‘The Line’ glides in next; instantly attention grabbing, sombre and melodic, driven with emotionally charged vocals and strong bass lines, it is wondrously morose and melodic. The guitar lines take over about half way through and lead the song to an enchanting instrumental ending. Ending on a high with ‘All Because Of You’; it is a funky, groovy number that will cause those with even the blackest of souls to have a little wiggle round the kitchen.  It is simple yet effective and with more than ample guitar wizardry, catchy drums and bass entanglement, it takes me a minute to calm down and declare that I am in no doubt this record is winning. With the focus honed on refined, hook-orientated chord progressions and the Ozzy like crooning of guitarist T.R. Morton these 10 songs remind me of everything from Sabbath to Kyuss; Clutch to retro Corrosion of Conformity.

Overall a very strong album that holds strong throughout; immense riffs and licks, explosive drumming, engaging vocals and solid bass playing- it doesn’t get much better. They have developed a fantastic writing/playing style that pings the senses and has massive potential for success within the retro/classic rock movement. They balance the vocal and instrumental parts alongside excellent attention to detail with their arrangements. Capitalising on the best of the 70’s whilst adding their own twist based around excellent song writing as opposed to stylistic retro posturing.  If you love classic rock and up tempo metal/hard rock then this will settle nicely between the ears and tickle your fancy.

Words by: Kat Hilton

‘In Your Mind’ is available here

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A Trust Unclean - ‘Reality Relinquished’ EP (Review)


‘The whole EP is so energetic, inspiration seems to bleed from every available crevice; here is a band basking in a creative flourish.’


Album Type: EP
Date Released: 07/08/2015
Label: Self Released 

‘Reality Relinquished’ EP track  listing:  

1). Enucleation”
2). “Feckless Traditions”
3). “Perverse Agenda”
4). “Insipient Catastrophe”
5). “Reality Relinquished

A Trust Unclean

Joe Corky | Vocals
Steve Hunt | Guitar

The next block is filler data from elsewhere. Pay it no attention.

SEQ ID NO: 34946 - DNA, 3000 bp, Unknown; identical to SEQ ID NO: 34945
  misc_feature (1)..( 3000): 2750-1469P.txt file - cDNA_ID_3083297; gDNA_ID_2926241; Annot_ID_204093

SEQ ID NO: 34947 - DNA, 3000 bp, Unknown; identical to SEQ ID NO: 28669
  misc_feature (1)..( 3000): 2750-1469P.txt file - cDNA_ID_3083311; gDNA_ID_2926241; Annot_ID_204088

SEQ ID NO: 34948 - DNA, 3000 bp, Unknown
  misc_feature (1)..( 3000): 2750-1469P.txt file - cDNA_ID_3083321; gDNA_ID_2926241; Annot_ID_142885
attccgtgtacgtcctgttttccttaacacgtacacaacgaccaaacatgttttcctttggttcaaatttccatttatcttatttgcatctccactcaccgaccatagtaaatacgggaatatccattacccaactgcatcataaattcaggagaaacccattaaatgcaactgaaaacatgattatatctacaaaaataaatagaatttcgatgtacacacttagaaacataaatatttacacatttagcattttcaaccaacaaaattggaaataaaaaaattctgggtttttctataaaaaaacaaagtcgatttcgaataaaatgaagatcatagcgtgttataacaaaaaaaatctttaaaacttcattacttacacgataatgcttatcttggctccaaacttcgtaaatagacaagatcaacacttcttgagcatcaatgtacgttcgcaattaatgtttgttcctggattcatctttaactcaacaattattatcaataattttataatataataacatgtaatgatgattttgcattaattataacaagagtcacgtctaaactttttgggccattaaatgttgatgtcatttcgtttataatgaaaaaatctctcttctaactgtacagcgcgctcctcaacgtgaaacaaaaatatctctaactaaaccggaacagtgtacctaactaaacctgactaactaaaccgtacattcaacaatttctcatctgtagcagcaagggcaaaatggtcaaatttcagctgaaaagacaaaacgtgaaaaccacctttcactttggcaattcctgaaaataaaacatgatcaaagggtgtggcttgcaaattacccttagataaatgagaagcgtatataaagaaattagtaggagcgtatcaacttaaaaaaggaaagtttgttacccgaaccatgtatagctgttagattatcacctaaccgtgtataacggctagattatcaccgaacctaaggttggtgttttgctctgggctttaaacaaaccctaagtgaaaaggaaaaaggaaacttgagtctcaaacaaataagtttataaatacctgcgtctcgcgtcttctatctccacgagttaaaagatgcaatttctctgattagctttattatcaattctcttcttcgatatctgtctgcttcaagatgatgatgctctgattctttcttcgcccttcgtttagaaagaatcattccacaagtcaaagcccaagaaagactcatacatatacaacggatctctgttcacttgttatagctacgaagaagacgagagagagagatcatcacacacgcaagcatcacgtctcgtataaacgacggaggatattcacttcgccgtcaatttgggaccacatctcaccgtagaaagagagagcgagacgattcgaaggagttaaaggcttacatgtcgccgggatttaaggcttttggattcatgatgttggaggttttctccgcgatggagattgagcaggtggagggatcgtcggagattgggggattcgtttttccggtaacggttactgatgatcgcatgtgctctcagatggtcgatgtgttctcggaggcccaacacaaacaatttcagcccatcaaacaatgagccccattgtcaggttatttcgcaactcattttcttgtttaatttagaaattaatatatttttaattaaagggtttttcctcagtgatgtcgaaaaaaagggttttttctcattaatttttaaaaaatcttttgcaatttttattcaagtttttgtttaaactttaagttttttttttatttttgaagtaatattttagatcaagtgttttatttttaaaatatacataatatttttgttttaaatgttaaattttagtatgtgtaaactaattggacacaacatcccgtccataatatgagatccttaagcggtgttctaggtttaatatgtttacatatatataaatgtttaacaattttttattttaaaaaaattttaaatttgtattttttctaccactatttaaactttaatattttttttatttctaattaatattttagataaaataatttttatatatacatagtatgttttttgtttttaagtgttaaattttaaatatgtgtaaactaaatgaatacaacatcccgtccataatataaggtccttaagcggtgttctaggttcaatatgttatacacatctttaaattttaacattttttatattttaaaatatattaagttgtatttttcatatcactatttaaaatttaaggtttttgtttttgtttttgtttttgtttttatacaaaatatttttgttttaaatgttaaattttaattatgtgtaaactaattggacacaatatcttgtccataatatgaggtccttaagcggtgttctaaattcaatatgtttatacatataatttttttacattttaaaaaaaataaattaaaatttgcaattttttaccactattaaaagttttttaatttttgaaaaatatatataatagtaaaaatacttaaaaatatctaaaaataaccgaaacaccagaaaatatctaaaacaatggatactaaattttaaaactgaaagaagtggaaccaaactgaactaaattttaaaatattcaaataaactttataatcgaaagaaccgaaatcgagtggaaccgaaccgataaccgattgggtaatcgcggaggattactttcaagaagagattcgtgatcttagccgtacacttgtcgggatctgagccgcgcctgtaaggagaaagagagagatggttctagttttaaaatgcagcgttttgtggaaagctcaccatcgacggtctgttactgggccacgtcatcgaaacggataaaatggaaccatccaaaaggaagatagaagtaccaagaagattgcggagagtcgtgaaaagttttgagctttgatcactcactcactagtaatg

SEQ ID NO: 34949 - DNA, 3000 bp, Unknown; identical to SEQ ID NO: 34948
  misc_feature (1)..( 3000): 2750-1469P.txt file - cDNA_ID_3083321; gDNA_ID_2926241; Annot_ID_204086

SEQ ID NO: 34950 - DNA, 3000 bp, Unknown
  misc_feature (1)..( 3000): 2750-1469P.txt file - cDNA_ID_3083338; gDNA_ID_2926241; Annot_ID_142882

Mikey Gee | Guitar
Bobby Hembrow| Bass
Scott Horne | Drums

Review:

Music such as this is savage by design, and with a name like A Trust Unclean, you expect this band’s sonic assault to be as rough and splintering as a hangover after a four day absinthe binge. But what has surprised me with the Oxfordshire band’s ‘Reality Relinquished’ EP is just how much character lurks in their overtly guttural and uncivilised demeanour.  Never at any point do they get lost in that unquenched desire to be heavier than Satan’s bollocks and forget about the key assets in melody, structure and imagination. The songs snap every which way, like Steve Irwin – God bless his crazy, crazy soul – wrestling an unsuspecting alligator, but the way, in which these compositions are constructed, you end up sucked into its ebb and flow almost instantly. 

‘Perverse Agenda’ is underpinned by low strung grooves which are interjected by Joseph Corcoran’s hoarse vocals and fly-in-a-glass whizzing fret board runs. The whole EP is so energetic, inspiration seems to bleed from every available crevice; here is a band basking in a creative flourish.

Blast beats, when you venture down heavier roads such as this, can so often be an all-out matter of quantity outweighing quality. But here, especially on ‘Incipient Catastrophe’, Scott Horne’s footwork is deft, intricate and all over the place, tighter than a gnats arse yet so fluent. It gives the songs a chaotic undercurrent, but a chaos that is well organised and executed. It’s these stuttered rhythms, despite the crushing countenance of the overlaying guitars that give this record so much of that aforementioned character. Without it, this would just be a heavy record, another one for the pile of ‘just noise without anything going for it’ records in existence.